Joe Braxton is an ex-con who has been given a second chance to freedom after violating his probation. He has been hired by a school teacher named Vivian Perry to repair and drive an old ...
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Richard Pryor is playing three different roles here. The first being a poor orange picker named Leroy Jones who gets laid off when by mistake he joins the worker's union during one of their... See full summary »
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Tired of the slave-like treatment of his team's owner, charismatic star Negro League pitcher Bingo Long takes to the road with his band of barnstormers through the small towns of the Midwest in the 1930's.
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Joe Braxton is an ex-con who has been given a second chance to freedom after violating his probation. He has been hired by a school teacher named Vivian Perry to repair and drive an old school bus and drive a group of Special kids to Ms. Perry's Washington Farm from Philadelphia, Pennsylvania to give them a new home after The Clarmont Center for Children is shut down by the city. The kids have severe mental problems and Joe is not looking forward to the trip at all, but Joe later bonds with Vivian and the children, offering his support and love and changes his outlook on life. But Donald, the social worker and Vivian's lover who gave Joe his break is hot on their tail and wants Joe back in prison. Joe and Vivian must now prevent Donald from sending the children back to Philidelphia where they'll have no future. Written by
Geoffrey A. Middleton <firstname.lastname@example.org>
Around six years after this film was released, the movie spurred a short-lived television series in 1987-88 with the same Bustin' Loose (1987) title. See more »
In several shots during the movie, the actors appear in the red interior of the probation officer's Cadillac Seville. At the end of the movie they flip flop back and forth between a car with red interior and a car with white interior. (Very obviously when Richard Pryor opens the door while sitting in car it is red, when he gets out it's white.) See more »
[yelling at the kids after they learned of the possible farm loss and are whining amongst themselves]
Go take a hike!
[smacks him across the face hard enough to knock him down]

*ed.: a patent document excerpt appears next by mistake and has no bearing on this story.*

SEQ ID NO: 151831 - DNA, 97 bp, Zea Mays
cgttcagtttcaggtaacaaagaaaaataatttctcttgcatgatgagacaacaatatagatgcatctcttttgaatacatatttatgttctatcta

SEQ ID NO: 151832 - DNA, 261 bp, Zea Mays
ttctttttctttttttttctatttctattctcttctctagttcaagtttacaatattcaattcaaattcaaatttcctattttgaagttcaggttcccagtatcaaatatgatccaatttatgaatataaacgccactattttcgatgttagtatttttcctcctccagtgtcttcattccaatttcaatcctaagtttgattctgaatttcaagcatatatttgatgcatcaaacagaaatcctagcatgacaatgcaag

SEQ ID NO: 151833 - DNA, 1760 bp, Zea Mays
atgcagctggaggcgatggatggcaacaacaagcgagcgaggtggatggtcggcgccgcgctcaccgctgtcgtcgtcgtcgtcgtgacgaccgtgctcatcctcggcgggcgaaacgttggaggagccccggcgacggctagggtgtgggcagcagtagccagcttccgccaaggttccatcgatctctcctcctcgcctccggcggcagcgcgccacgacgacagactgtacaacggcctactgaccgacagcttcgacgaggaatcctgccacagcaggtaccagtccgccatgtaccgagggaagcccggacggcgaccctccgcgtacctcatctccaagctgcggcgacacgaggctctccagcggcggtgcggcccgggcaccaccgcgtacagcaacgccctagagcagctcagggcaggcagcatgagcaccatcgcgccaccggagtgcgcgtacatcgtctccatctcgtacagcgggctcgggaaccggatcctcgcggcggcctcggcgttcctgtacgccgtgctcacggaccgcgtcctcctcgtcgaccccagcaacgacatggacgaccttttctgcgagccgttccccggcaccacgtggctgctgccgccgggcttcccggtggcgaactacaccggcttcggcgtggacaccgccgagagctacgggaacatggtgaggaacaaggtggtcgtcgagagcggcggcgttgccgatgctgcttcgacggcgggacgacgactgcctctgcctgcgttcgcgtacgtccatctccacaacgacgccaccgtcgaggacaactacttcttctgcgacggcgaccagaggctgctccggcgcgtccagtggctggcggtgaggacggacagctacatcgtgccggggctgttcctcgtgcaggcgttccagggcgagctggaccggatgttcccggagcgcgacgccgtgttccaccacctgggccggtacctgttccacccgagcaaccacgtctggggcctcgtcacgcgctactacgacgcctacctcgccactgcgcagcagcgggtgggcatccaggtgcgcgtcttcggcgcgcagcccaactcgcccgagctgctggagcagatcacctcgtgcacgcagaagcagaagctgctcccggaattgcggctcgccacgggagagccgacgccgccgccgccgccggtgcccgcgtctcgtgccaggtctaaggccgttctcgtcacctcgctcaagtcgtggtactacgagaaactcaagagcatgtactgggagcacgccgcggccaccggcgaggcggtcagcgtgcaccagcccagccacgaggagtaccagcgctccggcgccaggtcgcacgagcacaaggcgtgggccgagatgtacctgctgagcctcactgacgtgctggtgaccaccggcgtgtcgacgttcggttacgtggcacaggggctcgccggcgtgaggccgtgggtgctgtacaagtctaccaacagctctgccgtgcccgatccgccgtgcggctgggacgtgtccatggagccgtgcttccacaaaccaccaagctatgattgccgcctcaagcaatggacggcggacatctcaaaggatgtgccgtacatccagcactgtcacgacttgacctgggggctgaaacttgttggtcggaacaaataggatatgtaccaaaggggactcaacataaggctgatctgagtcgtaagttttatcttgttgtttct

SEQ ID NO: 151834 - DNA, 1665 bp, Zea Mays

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Richard Pryor plays a con man who is blackmailed by his probation officer into taking eight troubled kids on a bus trip from Philadelphia to Seattle. Having been made in a politically incorrect time and featuring Pryor with troubled kids means you're going to have a great load of laughs but the film also has a heart of gold but more on this in a bit. As for pure laughs this is probably the best film I've seen from Pryor, although Moving is still my favorite movie of his due to it just being a personal favorite. This movie here features non-stop laughs from start to finish and it really gives Pryor a chance to act and he proves to be very reliable here. Pryor does a great job with the comedy and really delivers the jokes but what's most refreshing is seeing how well he does with the more dramatic moments. The film has a heart of gold but I think there are a few too many tender scenes meant to make the viewer get tears in their eyes. A lot of these dramatic scenes are pretty heartfelt but I think there are just too many of them. Pryor handles all of this very well though. Cicely Tyson plays the woman trying to save the kids and she's does a good job, although the romantic subplot with Pryor is pretty weak. There are numerous great scenes in the film including a great sequence where Pryor runs into the KKK but the highlight of the movie is certainly the scene where Pryor is driving the bus and three of the kids, acting like thugs, come up and start messing with him.
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